Position of Women.

The family takes its character from the position of woman (see Woman). The position of the wife in the family depended largely upon her having a son. Children, especially sons, were looked upon as a blessing from God (Ps. cxxvii. 3-5). Sons were regarded as the future supporters of God's kingdom (Ps. viii. 3); they were to be the warriors who would defend the hearth (Deut. xxv. 4-13), and be the mainstay and support of the home. As among the Greeks in Homeric times childlessness was looked upon as a dire misfortune, so also among the Hebrews it was considered in the light of a punishment from God: "And she [Rachel] conceived, and bare a son; and said, God hath taken away my reproach" (Gen. xxx. 23; comp. I Sam. i. 12 et seq.). Even the sons of concubines ranked as ancestors of tribes. The levirate shows how essential was the building up of the house. Thus, if a brother died without issue, it was the duty of one of the surviving brothers to marry the widow (Gen. xxxviii. 8; Deut. xxv. 4-13).

Descent and Inheritance.

Primogeniture is recognized in the Mosaic code (Deut. xxi. 16-17) and regulated in the Talmud. The first-born son receives two portions of the father's estate, but not two portions of the mother's estate (Bek. viii.-ix.). Where there are no sons the daughters inherit, as in the case of the daughters of Zelophehad. In the absence of both sons and daughters the property goes to the male relations in order of kinship as determined by the Mosaic code (Num. xxvii. 1-11). Besides the larger share of the inheritance, certain privileges belong to the first-born son (the first-born of the father, not of the mother, for in a polygamous state of society each wife may have had a son). A blessing from the father before he was about to pass away was a special privilege of the first-born son. Isaac wishes to bless Esau, his first-born son (Gen. xxvii.). Joseph calls the attention of his father Jacob to Manasseh as his first-born son, for Jacob had placed his right hand in blessing upon the head of Ephraim (Gen. xlviii. 13 et seq.; comp. xlix. 3; Ex. xxii. 29). The privilege that belonged to the first-born son could be sold, as in the case of Esau, who sold his birth-right to Jacob (Gen. xxv. 32 et seq.); or it could be bestowed by the father as a mark of favor upon a younger son. Thus Jacob withdraws from Reuben, his first-born son, the double portion that by right he should have received after his father's demise, and bestows it upon Joseph and his two sons (Gen. xlviii. 21 et seq., xlix. 3 et seq.).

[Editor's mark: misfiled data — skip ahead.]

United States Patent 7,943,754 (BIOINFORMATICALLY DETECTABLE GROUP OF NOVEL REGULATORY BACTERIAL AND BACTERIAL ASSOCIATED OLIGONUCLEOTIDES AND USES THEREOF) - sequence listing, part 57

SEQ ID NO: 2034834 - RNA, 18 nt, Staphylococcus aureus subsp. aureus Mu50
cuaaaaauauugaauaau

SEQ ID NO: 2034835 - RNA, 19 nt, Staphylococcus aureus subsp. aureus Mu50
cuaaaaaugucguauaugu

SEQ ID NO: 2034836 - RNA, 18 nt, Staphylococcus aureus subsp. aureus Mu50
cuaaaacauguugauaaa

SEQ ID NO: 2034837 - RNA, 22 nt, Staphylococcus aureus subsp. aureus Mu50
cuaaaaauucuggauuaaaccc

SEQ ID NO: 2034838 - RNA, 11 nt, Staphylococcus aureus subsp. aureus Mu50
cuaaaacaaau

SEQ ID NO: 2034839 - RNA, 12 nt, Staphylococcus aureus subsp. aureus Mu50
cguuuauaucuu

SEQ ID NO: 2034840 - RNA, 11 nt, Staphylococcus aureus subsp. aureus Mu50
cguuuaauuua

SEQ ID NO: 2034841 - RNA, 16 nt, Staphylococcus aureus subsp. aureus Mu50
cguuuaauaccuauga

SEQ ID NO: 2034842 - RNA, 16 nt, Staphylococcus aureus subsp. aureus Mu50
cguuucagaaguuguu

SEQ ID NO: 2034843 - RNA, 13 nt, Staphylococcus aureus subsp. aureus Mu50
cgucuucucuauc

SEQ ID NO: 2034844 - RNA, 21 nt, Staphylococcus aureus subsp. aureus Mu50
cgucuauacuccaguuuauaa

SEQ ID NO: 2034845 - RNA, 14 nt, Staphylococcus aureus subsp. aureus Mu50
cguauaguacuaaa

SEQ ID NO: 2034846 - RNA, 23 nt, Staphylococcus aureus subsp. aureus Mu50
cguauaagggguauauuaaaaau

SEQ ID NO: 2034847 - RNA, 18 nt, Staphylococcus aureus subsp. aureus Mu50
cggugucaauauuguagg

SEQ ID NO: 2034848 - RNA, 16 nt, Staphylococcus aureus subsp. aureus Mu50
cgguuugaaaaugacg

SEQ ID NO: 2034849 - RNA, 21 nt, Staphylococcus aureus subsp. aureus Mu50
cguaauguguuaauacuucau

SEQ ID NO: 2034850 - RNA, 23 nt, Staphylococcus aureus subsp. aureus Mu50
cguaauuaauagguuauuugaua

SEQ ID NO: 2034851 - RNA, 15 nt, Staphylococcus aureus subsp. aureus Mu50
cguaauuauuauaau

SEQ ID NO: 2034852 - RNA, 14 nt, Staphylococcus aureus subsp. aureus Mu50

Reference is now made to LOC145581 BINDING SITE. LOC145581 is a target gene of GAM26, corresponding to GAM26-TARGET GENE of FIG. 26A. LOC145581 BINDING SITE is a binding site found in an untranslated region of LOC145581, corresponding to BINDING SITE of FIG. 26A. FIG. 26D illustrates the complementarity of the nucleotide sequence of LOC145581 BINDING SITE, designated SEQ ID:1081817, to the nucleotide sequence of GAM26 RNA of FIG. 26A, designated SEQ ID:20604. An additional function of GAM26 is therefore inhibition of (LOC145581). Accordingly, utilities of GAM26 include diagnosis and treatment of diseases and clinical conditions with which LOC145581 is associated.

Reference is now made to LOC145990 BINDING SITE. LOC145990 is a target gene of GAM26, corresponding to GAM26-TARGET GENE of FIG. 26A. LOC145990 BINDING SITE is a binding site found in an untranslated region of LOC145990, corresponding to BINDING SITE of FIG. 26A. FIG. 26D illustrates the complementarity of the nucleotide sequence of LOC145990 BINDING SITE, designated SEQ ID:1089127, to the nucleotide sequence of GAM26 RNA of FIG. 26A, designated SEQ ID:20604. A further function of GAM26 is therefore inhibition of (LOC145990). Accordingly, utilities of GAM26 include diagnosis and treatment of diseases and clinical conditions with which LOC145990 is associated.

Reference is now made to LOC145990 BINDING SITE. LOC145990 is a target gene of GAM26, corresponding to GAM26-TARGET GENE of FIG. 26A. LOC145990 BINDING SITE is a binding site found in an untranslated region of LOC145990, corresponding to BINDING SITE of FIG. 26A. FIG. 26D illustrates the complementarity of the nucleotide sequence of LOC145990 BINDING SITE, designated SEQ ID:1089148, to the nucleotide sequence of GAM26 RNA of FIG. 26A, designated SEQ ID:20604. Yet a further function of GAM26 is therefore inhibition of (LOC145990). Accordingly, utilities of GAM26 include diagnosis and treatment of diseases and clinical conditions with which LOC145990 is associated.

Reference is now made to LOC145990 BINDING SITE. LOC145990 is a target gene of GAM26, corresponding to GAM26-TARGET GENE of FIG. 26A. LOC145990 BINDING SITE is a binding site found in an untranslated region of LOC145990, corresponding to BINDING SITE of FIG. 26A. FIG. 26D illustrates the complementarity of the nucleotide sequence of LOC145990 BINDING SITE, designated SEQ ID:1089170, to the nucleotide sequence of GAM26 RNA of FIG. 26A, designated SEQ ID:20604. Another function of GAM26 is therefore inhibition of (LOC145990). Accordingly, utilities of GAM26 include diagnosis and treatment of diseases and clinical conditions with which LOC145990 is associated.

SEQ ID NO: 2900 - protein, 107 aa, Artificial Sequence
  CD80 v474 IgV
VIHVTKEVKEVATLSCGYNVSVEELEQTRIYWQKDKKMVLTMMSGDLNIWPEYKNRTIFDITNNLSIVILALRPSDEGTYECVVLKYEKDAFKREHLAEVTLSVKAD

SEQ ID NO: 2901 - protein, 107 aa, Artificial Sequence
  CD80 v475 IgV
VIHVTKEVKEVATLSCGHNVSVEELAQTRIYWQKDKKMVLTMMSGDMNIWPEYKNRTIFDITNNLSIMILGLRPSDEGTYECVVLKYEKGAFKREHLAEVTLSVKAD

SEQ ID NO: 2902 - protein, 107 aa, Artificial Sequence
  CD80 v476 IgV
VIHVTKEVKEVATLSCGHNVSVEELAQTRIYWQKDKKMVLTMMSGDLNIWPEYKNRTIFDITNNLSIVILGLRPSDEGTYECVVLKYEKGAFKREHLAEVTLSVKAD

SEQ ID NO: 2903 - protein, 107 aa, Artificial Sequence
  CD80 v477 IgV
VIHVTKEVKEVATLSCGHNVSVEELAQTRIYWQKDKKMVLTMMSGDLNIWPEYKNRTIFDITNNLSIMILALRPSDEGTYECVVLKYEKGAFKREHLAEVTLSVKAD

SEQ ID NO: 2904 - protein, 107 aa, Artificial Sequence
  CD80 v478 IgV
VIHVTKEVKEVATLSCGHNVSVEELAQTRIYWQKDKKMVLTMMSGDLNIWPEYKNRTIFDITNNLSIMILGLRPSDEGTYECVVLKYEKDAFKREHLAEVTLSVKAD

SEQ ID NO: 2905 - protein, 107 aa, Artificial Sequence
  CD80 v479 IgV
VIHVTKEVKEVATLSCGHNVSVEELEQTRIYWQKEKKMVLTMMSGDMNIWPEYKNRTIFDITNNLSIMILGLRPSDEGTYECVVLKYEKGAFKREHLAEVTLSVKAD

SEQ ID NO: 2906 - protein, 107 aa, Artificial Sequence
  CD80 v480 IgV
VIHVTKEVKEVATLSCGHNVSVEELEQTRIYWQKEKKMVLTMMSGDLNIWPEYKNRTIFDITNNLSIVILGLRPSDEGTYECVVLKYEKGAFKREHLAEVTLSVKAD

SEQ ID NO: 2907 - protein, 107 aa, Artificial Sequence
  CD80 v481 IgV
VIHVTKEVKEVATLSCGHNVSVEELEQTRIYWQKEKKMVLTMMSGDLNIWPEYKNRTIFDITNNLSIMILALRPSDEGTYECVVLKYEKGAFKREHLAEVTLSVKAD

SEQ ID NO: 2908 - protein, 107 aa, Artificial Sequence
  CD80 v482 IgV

The instinct of solidarity in ancient Israel and the high regard for the chastity of woman explain the sanctity and purity of the Jewish family life. Patriarchal history abounds in pictures of beautiful home life. The filial obedience of Isaac; the love of Jacob for Rachel; the forgiveness by Joseph of his brethren; the death-bed scene of Jacob, where he blesses his sons and grandsons; the strong bond between Ruth and Naomi; and the passionate grief of David for his erring son Absalom—these and many other instances give evidence of the beauty and of the strength of the family affection (Gen. xxii., xlv.; Ruth; II Sam. xviii. 33). That the Bible laid great stress upon the power of the home is shown by the closing verses of Malachi: "Behold, I will send you Elijah the prophet before the coming of the great and terrible day of the Lord: And he shall turn the heart of the fathers to the children, and the heart of the children to their fathers, lest I come and smite the earth with a curse."

The Mosaic code guards the chastity of the mother, the sanctity of the home, the blessedness of the household, the preservation of society, and the upbuilding of mankind. The crime of adultery is punished with death (Deut. xxii. 21 et seq.; comp. Mal. ii. 14-15). Though the purity of family life was at times sullied, as for instance at Gibeah (Judges xix. 20 et seq.), and by David (II Sam. xi.), yet it remains true that through good and evil times the high ideals of home life were maintained. Cases of sensual excess or of unfilial conduct are rare among the Jews down to modern times.

In Talmudical times the purity and sanctity of the home were regarded with equal respect. "God dwells in a pure and loving home" (Ḳid. 71). "Marriages are made in heaven" (Shab. 22a, b). But the power for good is specially apparent in the Jewish home during the Middle Ages. Throughout those centuries of persecution and migration the moral atmosphere of the home was rarely contaminated, and it became a bulwark of moral and social strength, impregnable by reason of the religious spirit that permeated it. The observances of the faith are so entwined with the every-day customs of the home as to make the Jewish religion and the family life one, a bond in sanctity. Most of the religious ceremonies are to be celebrated in the bosom of the family; the observances of the dietary laws are an especially prominent nature in the daily routine. The Seder, the Sukkah, the lighting of the candles on Ḥanukkah, grace before and after meals, these help to unite the members of the family. But most valuable is the celebration of the Sabbath. The Sabbath lamp, kindled on Friday evening, is a symbol of the home influence of woman as the inspirer of a pure family life.

  • Nahida Remy, Das Jüdische Weib;
  • Abrahams, Jewish Life in the Middle Ages;
  • Schechter, Studies in Judaism.
K. A. G.